CUNY Photo Challenge – deadline Oct 28th

Enter your best photo taken in the class to date.

Read the criteria of the judges and select the image you think best fits what they are looking for.

You will need to include a title, a brief description which could include the class and assignment or not and location.

Forward the submission email for 1 pt credit.

Homework

HW 6: Reflections

Week 7 – Digital Darkroom – Global Corrections

Guest Speaker

Thomas Holton

Terms

Aspect Ratio-the proportion of the width of the image to the height of a 2D image

Clipping-the intensity of the light falls outside of what can be recorded by the camera and there is a loss of detail.

Color Profile-the data for a digital device, such as a printer or monitor, which describes its gamut, or range of colors. Used to match the gamut from one device to another.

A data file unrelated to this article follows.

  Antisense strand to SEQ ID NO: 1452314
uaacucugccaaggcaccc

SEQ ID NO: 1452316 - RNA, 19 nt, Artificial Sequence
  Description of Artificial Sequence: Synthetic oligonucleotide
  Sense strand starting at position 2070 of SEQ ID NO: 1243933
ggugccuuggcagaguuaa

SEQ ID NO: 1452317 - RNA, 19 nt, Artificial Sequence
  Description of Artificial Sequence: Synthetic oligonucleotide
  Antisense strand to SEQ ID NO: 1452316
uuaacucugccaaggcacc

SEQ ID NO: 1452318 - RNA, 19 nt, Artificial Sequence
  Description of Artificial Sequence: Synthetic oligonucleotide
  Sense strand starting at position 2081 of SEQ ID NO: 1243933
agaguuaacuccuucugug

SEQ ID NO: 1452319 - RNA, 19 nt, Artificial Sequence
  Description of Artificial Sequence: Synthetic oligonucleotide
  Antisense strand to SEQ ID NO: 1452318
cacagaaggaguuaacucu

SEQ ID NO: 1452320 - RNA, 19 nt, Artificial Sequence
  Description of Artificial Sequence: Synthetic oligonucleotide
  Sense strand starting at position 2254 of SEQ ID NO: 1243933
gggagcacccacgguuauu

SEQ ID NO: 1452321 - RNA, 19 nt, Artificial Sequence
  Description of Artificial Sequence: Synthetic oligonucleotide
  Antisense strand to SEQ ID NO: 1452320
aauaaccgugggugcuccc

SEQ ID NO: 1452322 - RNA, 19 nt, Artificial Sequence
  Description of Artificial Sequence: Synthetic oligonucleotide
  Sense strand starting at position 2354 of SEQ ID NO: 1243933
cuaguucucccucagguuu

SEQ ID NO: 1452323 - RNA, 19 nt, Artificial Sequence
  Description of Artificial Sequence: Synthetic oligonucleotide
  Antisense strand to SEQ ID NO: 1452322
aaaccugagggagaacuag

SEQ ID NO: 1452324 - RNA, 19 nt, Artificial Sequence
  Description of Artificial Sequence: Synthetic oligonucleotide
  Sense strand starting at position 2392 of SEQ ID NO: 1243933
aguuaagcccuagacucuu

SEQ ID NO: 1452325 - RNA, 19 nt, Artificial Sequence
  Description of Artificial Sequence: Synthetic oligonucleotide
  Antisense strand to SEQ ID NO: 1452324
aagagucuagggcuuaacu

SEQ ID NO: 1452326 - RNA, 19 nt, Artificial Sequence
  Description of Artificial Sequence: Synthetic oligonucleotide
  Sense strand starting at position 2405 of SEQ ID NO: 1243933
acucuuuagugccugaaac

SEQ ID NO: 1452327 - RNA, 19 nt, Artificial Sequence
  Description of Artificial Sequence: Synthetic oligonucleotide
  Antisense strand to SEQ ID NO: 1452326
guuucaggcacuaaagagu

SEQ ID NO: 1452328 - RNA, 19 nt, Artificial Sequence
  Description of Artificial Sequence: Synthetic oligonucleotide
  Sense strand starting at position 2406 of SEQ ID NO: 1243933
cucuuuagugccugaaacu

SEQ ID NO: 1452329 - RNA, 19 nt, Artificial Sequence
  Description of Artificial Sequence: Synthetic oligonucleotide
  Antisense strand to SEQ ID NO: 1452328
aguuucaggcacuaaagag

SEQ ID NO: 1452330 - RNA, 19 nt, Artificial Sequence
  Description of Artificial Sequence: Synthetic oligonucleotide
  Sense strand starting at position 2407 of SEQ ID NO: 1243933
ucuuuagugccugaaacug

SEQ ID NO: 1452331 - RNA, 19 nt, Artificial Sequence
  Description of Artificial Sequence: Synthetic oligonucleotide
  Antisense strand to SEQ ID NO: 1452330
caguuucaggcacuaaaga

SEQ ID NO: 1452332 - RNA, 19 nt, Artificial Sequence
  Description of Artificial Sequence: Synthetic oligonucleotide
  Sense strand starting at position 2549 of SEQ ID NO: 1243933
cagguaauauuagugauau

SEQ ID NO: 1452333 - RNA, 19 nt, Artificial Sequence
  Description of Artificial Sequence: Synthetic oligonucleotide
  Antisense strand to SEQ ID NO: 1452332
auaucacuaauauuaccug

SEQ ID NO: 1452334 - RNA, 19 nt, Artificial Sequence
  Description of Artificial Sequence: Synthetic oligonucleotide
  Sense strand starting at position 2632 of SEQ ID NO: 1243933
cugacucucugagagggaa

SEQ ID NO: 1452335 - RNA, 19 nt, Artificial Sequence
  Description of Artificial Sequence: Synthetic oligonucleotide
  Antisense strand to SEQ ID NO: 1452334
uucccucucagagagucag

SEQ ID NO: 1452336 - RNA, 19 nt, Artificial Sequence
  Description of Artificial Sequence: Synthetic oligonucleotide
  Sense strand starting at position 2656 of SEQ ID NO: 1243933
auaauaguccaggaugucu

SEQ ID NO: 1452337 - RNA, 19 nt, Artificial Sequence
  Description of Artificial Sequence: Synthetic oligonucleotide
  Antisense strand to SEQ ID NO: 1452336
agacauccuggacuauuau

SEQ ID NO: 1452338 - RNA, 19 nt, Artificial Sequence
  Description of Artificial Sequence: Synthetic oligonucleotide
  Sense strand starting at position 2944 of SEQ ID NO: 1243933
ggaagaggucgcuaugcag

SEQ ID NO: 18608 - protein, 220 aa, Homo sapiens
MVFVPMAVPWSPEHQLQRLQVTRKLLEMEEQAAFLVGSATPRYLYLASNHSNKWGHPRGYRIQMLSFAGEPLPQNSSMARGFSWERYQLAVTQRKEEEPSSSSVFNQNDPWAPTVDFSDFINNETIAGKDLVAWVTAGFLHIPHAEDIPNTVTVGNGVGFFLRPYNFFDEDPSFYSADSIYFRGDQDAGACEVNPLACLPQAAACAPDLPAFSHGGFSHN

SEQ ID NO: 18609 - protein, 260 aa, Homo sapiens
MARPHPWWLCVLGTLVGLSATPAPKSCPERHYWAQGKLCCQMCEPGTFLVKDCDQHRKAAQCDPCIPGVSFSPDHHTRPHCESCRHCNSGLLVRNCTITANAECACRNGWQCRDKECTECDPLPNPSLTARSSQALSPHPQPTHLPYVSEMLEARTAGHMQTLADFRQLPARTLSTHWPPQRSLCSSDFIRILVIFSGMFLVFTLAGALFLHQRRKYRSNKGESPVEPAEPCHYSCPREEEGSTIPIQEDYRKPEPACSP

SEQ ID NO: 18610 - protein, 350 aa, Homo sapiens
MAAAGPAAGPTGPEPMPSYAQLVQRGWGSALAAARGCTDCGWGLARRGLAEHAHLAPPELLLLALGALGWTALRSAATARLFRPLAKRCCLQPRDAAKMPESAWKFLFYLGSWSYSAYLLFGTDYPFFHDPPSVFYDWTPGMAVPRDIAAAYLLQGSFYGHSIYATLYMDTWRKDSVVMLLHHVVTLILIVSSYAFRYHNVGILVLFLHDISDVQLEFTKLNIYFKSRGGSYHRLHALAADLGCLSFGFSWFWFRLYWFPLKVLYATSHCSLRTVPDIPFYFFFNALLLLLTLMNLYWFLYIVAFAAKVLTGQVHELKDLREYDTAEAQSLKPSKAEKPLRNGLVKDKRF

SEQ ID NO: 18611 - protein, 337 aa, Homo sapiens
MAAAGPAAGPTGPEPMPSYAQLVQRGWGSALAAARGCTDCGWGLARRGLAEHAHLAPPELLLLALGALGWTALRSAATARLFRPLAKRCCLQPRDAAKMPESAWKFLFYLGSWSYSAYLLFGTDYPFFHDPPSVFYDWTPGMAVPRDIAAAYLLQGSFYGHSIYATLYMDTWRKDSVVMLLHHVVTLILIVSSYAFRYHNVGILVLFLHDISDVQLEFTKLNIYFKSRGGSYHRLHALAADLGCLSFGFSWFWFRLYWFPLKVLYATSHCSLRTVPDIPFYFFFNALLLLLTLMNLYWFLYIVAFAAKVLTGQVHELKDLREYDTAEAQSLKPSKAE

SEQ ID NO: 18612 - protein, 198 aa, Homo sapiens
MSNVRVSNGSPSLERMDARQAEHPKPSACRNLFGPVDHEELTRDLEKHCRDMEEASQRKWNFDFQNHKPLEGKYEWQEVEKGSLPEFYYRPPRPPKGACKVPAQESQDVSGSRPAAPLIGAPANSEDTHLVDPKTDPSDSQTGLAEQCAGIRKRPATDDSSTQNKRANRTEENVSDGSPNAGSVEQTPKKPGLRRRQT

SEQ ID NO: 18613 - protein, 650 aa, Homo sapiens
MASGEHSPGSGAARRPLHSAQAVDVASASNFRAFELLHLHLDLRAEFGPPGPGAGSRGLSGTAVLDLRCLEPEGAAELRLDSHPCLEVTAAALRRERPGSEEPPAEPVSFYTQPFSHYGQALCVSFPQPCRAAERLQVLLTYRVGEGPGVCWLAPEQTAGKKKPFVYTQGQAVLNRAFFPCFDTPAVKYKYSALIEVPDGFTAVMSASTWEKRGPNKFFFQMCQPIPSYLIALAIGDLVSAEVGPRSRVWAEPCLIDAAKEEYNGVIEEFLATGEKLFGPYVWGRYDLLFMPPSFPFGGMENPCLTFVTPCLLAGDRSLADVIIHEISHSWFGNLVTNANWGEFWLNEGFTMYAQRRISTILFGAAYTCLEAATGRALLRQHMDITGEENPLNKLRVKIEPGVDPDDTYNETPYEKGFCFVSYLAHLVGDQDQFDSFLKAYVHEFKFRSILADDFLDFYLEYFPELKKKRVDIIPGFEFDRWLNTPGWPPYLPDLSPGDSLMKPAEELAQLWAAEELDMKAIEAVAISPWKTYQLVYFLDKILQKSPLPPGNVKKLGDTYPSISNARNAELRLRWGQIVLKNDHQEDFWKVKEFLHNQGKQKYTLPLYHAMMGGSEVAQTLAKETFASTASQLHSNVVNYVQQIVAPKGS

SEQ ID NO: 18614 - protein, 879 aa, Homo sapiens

Exif Data-information stored by the camera in the file.

Gamut-range of colors

Histogram- a graphic representation of the tones in an image. A spike of data on the left side indicates underexposure, on the right overexposure.

Neutral Value-RGB values are equal or gray

Non-destructive Editing-adjust the image without overwriting the original image data. Instructions are written to a sidecar file that tells the software how to interpret the image.

White Balance-the setting that adjusts for the color temperature of the light and that will make a white object appear white or a gray object a neutral value

Global Corrections

Global corrections adjust the entire file. In the Lightroom CC, it includes the controls under Light, Color and Effects. In Lightroom classic, this includes everything in the basic panel: White balance, Tone and Presence.

Using the Histogram

The histogram is a graphic representation of the tones in the photograph. It is a guide to exposure decisions. Most images look best when there is a full range of tones from black to white in the image. But there are no iron clad rules.

To access the histogram in Lightroom, from the keyboard select: Command 0

Or get it from the three dots on the right menu bar.